A feast to the senses
From the story, musical scoring, actors’ performances up to the stage set-up, Rak of Aegis is indeed a feast to the senses.
The solid come-on for audiences is that the play showcased infamous Aegis rock songs. As critic Jennilee Chuaunsu said, it was about time that these iconic songs were highlighted.
“The heart-wrenching lyrics and anthemic songs are perfectly suited for the stage. With the popularity of musicals that feature pop/rock songs such as Mamma Mia, American Idiot the Musical, We Will Rock You, Ejay, and Sa Wakas, it was only a matter of time…
Twenty Aegis songs were used in the whole play including the famous hits “Luha”, “Halik”, “Sundot”, Christmas Bonus” and “Basang-basa sa Ulan”. The songs chosen fitted the plot and some of the songs were even modified to fit what was happening in the scenes. For example in one scene, instead of the line “ang halik mo na-mimiss ko”, it was tweaked to “Ang delubyo name-miss ko”. The script and language of the dialogues courtesy of Palanca Award-winning writer Liza Magtoto was very pinoy. It was street-slang yet very heartfelt.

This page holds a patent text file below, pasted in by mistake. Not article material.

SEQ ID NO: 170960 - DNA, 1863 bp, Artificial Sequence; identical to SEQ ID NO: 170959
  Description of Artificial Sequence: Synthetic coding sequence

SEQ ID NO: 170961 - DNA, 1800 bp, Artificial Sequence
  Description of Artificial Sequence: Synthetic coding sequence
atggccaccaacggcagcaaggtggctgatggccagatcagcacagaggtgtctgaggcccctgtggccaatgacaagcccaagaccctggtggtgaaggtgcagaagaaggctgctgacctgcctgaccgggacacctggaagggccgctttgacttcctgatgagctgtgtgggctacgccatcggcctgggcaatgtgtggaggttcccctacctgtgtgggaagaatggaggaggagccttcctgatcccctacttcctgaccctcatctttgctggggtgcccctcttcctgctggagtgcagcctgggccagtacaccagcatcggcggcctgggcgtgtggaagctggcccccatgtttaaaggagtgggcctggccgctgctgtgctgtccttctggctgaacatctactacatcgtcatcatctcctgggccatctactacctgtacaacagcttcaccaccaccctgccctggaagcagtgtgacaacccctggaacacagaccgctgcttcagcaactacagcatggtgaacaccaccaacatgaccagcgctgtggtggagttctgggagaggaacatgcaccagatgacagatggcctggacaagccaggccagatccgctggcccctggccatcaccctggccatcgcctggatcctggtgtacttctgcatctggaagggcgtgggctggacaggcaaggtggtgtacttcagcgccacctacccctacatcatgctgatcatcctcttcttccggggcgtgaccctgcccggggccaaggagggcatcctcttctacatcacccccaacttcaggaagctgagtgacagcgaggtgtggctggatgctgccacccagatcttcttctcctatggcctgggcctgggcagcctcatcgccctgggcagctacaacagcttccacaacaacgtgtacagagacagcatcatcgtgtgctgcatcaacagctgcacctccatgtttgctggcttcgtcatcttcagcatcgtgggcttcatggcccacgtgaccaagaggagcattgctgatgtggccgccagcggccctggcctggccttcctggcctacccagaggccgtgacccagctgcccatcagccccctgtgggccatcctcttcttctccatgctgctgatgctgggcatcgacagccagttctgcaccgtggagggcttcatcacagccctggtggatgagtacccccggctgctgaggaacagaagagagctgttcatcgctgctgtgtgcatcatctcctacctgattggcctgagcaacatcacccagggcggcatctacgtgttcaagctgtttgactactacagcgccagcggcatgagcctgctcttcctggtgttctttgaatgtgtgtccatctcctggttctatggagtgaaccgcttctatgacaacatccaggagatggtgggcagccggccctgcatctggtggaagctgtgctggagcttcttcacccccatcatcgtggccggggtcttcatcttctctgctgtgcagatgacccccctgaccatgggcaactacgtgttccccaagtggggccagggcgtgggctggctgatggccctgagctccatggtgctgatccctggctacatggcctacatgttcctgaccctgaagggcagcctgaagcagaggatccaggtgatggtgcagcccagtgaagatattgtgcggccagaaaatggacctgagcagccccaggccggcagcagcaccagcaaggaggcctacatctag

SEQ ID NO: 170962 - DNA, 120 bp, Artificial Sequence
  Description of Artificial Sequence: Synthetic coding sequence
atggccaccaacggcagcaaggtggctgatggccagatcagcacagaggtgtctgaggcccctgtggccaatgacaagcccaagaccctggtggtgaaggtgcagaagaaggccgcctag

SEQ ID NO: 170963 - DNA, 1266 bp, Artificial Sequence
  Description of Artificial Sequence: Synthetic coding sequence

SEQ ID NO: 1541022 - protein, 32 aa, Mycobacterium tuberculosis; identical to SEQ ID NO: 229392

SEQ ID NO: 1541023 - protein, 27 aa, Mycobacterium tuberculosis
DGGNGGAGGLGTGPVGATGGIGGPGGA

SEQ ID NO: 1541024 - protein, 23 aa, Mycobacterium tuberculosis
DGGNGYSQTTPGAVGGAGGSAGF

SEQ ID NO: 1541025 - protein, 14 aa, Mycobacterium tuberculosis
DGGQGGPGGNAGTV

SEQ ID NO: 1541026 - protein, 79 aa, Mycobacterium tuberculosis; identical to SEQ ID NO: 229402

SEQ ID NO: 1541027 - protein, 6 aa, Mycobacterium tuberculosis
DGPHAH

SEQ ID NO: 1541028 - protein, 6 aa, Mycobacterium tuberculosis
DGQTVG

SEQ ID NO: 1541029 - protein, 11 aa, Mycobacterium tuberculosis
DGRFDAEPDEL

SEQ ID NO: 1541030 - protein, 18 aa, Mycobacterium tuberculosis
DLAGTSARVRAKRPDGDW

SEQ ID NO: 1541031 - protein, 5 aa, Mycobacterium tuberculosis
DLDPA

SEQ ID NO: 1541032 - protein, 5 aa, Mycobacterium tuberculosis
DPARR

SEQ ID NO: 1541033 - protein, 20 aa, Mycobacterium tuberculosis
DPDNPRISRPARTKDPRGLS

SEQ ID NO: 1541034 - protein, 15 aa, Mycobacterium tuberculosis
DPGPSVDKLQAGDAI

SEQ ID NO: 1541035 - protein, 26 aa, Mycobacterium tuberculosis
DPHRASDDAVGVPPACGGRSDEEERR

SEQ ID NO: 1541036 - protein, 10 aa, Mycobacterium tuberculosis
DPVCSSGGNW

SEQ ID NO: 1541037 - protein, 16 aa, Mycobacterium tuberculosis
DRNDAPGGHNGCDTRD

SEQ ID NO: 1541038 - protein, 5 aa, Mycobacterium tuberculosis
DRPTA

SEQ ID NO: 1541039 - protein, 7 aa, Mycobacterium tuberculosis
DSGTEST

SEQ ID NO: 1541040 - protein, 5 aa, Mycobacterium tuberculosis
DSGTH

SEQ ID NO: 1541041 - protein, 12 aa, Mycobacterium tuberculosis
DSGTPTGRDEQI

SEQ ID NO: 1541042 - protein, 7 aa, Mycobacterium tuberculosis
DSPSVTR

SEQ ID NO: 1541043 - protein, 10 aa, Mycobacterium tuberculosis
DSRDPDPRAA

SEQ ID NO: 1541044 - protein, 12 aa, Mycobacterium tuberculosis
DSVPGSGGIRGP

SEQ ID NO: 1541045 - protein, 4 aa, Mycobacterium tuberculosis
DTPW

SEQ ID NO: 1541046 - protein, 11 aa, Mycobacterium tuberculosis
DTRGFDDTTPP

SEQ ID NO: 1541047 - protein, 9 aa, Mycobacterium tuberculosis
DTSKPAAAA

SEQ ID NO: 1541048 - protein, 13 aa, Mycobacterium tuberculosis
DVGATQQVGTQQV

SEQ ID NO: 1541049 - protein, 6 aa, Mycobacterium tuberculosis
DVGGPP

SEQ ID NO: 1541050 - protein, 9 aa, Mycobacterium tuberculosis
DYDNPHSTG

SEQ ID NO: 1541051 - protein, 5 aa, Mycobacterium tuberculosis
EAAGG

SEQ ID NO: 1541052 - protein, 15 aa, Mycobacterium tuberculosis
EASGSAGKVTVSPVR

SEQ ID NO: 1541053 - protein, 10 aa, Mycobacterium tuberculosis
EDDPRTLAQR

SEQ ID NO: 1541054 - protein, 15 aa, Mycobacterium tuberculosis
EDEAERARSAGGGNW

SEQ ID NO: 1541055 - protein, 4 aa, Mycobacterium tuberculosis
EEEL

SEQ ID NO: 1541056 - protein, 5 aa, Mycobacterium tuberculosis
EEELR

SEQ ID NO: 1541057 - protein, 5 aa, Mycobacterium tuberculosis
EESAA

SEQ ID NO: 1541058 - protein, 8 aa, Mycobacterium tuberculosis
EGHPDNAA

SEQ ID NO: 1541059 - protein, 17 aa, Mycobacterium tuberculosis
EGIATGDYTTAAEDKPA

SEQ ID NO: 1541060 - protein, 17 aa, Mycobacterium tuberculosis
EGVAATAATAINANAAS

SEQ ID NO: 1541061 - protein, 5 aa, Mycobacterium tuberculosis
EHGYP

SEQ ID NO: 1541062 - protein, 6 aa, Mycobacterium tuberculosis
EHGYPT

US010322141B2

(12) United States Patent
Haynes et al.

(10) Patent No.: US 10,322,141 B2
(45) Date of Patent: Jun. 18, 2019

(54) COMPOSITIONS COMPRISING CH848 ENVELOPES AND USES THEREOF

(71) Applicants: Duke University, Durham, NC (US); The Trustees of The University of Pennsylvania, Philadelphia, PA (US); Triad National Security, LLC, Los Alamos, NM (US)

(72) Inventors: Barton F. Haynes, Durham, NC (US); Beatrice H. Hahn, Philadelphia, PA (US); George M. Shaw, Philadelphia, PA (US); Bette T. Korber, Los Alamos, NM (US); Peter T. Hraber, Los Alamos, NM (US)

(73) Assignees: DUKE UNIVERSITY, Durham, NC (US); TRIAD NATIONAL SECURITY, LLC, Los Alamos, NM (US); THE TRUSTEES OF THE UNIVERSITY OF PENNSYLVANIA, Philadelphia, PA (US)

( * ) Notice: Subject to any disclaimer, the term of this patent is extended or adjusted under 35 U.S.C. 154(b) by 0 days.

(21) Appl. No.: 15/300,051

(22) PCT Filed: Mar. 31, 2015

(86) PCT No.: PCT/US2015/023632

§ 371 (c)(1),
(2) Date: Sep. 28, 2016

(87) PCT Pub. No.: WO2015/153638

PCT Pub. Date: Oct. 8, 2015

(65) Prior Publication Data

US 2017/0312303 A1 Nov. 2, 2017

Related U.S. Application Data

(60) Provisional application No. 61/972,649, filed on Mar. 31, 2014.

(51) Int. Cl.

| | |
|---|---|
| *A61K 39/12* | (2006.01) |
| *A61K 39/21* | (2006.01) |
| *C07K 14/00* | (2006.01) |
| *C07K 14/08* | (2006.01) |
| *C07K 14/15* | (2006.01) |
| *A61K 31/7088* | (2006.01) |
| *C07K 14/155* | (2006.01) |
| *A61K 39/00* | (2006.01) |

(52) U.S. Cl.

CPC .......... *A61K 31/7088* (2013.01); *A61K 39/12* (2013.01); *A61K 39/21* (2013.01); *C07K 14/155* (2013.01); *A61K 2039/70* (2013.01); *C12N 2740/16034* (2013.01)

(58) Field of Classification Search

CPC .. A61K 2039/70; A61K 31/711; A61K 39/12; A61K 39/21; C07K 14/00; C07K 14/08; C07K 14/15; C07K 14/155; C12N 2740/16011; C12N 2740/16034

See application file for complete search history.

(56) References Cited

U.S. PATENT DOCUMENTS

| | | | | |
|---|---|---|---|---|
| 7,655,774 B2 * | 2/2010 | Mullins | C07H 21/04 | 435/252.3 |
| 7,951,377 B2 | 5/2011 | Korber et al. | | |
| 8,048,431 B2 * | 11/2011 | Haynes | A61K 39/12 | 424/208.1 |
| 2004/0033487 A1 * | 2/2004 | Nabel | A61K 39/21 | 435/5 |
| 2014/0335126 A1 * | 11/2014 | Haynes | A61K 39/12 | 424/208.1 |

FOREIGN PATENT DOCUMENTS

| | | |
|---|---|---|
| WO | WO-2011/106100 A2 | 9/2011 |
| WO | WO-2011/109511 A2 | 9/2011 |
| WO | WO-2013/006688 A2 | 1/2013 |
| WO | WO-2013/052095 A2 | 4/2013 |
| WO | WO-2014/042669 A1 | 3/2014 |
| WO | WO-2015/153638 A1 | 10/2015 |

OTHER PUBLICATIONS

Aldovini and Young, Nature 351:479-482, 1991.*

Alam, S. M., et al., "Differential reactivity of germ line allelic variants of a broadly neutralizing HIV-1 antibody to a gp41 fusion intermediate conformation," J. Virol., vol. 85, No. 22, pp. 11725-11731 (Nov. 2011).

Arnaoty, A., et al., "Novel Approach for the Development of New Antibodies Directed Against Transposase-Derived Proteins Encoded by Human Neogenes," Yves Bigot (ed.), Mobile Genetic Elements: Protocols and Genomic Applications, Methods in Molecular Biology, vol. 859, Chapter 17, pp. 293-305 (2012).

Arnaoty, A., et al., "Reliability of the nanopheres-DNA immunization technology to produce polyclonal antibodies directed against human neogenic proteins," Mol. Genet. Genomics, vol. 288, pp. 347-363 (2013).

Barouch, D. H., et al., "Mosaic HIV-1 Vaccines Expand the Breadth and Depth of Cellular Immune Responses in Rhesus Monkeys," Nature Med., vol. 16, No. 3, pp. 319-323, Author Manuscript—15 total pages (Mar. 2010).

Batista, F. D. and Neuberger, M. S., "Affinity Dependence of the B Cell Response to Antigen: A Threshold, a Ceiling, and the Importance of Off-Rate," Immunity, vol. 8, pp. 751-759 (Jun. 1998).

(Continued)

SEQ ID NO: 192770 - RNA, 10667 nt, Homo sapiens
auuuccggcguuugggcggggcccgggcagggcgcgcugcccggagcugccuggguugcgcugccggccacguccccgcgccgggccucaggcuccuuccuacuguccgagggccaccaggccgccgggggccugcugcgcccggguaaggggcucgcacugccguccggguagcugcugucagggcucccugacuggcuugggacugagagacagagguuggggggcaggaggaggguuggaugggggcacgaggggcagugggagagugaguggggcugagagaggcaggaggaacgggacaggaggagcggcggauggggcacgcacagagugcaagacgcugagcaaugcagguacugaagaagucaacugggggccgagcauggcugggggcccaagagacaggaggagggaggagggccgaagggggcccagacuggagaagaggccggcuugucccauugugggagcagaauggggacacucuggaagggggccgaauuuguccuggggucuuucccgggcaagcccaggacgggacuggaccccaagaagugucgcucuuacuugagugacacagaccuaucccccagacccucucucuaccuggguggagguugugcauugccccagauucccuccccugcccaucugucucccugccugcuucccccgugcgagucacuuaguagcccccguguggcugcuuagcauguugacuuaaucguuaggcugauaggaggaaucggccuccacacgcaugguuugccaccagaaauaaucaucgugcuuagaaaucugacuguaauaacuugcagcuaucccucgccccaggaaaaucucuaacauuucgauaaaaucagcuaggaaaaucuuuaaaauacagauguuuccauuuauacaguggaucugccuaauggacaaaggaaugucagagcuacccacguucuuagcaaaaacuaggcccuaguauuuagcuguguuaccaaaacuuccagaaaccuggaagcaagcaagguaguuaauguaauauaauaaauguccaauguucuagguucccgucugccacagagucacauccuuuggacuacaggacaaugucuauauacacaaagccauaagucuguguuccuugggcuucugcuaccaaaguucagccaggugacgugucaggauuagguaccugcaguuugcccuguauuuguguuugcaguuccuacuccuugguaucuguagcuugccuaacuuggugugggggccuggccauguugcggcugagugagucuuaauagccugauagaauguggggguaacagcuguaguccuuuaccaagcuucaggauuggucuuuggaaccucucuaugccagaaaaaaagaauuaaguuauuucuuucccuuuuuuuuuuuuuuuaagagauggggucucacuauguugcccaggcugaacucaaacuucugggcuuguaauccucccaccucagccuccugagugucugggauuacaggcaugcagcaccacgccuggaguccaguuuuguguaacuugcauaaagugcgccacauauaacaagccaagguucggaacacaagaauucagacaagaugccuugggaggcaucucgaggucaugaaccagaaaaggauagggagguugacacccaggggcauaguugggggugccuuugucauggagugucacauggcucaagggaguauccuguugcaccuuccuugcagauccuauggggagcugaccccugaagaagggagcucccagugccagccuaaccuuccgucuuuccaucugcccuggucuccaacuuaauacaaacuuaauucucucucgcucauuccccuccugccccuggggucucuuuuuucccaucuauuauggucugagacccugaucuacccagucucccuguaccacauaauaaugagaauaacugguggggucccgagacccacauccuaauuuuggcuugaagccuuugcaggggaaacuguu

Critics praised how the veteran actors made the characters truly genuine in the play:
“The cast played their roles superbly. Joan Bugcat captured Aileen’s spunky and driven character. Myke Salomon convincingly played the angsty but charming Kenny. Pepe Herrera stood out in his portrayal of Tolits, an unassuming character who often goes unnoticed. He incorporated movements and mannerisms, which made Tolits, seem like a real person